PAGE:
Why aren’t consumers putting their money where their mouths are when it comes to making more responsible choices? Nielsen’s latest report may state that one in four customers would choose a green product even if it meant forking out more cash, but it’s true that this is hardly reflected in buying behaviour.

We have become a ‘what’s in it for me?’ culture. People really do need to see a tangible benefit or difference they can personally appreciate and take advantage of to convince them to buy green. People have to want to go green it will never happen if they are forced. So what could be the what’s in it for me bit?

“There need to be little steps to change our behaviour”

As always, money matters. Cost is such a key driver of most purchases. I really connected with the vision of Dean Attwell from Oakland International and Julian Walker-Palin of Asda, who both believe that green products should become cheaper than mainstream. If processes, transportation, packaging etc are reduced, then why should it cost more to buy more responsibly? It makes so much sense and would start to change behaviours that would hopefully stick in the long term.

It’s also a case of little and often. There need to be more initiatives that require little steps to change our behaviour over time as opposed to huge disruptive movements. While the purists would say that we should be changing overnight and not messing about with small initiatives, surely, to borrow Tesco’s philosophy, every little helps?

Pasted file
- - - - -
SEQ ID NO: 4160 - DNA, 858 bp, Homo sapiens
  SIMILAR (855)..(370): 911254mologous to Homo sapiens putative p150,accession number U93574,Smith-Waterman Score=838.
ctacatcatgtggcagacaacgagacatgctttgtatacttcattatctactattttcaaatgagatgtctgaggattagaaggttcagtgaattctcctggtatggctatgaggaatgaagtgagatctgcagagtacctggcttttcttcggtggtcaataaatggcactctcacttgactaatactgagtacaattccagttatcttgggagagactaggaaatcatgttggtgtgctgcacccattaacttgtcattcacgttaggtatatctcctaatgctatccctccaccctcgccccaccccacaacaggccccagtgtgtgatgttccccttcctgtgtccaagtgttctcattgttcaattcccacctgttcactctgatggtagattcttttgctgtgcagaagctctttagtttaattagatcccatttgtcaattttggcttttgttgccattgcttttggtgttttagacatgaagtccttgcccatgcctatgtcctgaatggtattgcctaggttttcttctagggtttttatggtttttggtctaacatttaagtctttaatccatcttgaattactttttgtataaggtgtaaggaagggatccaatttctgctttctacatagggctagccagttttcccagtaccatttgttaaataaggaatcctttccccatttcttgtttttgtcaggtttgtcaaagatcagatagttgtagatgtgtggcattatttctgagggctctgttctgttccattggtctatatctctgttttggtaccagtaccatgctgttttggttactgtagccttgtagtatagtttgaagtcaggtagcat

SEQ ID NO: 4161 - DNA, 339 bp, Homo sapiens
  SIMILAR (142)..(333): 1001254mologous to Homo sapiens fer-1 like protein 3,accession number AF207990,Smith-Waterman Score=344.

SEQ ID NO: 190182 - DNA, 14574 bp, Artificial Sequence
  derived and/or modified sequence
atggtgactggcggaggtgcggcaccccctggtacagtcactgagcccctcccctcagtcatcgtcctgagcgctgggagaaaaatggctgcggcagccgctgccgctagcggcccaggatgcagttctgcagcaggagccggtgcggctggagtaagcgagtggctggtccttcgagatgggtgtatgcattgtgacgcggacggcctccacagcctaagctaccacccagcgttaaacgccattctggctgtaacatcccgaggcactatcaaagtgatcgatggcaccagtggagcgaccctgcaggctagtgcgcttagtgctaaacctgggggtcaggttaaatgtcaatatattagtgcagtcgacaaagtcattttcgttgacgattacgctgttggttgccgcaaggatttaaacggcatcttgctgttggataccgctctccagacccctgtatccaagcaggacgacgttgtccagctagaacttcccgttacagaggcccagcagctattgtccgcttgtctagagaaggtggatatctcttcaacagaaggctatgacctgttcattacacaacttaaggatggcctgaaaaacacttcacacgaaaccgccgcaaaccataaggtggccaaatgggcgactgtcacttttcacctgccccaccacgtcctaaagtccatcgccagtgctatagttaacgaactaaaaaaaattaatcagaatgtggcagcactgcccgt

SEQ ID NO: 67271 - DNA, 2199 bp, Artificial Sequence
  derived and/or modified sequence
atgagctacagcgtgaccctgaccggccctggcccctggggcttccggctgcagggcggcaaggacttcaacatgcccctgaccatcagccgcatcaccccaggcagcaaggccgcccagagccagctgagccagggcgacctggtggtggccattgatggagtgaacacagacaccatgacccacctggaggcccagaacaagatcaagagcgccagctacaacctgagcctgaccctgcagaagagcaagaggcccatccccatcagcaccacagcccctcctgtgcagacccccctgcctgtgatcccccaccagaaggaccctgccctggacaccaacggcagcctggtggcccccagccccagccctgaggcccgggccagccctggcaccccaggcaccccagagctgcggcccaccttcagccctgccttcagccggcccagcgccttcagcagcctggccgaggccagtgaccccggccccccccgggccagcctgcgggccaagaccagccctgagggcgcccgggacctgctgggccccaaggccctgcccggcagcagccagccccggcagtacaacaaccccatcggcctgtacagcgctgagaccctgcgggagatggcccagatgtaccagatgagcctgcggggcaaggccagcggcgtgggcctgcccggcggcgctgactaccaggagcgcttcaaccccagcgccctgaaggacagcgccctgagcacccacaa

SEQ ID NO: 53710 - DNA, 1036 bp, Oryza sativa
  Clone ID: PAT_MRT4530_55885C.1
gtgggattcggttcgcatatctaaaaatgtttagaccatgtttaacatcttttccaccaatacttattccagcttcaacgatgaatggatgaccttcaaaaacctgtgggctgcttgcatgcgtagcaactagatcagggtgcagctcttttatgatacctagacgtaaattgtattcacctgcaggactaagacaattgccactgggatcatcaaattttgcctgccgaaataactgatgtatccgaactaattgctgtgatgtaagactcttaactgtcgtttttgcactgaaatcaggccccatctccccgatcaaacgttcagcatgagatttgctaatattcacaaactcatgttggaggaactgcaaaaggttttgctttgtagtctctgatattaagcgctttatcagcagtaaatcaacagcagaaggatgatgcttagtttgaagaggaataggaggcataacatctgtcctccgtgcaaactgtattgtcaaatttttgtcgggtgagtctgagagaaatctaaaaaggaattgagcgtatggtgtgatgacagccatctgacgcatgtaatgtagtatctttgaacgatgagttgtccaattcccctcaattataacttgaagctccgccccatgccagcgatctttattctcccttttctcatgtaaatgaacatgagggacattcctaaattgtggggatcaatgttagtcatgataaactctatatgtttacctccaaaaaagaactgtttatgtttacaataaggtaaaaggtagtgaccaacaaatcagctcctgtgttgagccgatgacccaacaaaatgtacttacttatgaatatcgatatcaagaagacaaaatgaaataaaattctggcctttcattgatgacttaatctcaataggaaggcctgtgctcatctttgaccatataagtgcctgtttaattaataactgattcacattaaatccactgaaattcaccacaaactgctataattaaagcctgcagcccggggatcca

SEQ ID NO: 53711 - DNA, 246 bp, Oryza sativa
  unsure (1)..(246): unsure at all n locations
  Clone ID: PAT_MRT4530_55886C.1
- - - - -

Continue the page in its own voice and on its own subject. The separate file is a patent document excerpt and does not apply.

Being encouraged to turn the tap off while brushing your teeth? It’s easy and really effective at saving water. How about retailers celebrating baskets that are 25% rather than 100% green to make people feel good about making the effort?

Effective product experiences are also key. Many green alternatives still deliver inferior performance. If a product works and is tangibly better, consumers will not want to buy an alternative non-green version. I would buy far more green brands if I felt they would actually work and looked attractive.

Lastly, services. Services should be created that will help people be green. If we can’t find the willpower to adopt a DIY approach, people may be prepared to pay for other people to do it for them - a DIFM (do it for me) approach? Retailers could offer to take the packaging from consumers at till points, so they don’t have to take it home. Would people pay for that? What other green services could be offered?

The future for the successful adoption of ‘good’ green behaviour is to make it cost-effective, make it work, and make it easier. Sounds easy when you say it like that. Why does it feel such a chore?

Claire Nuttall is founding partner of Thrive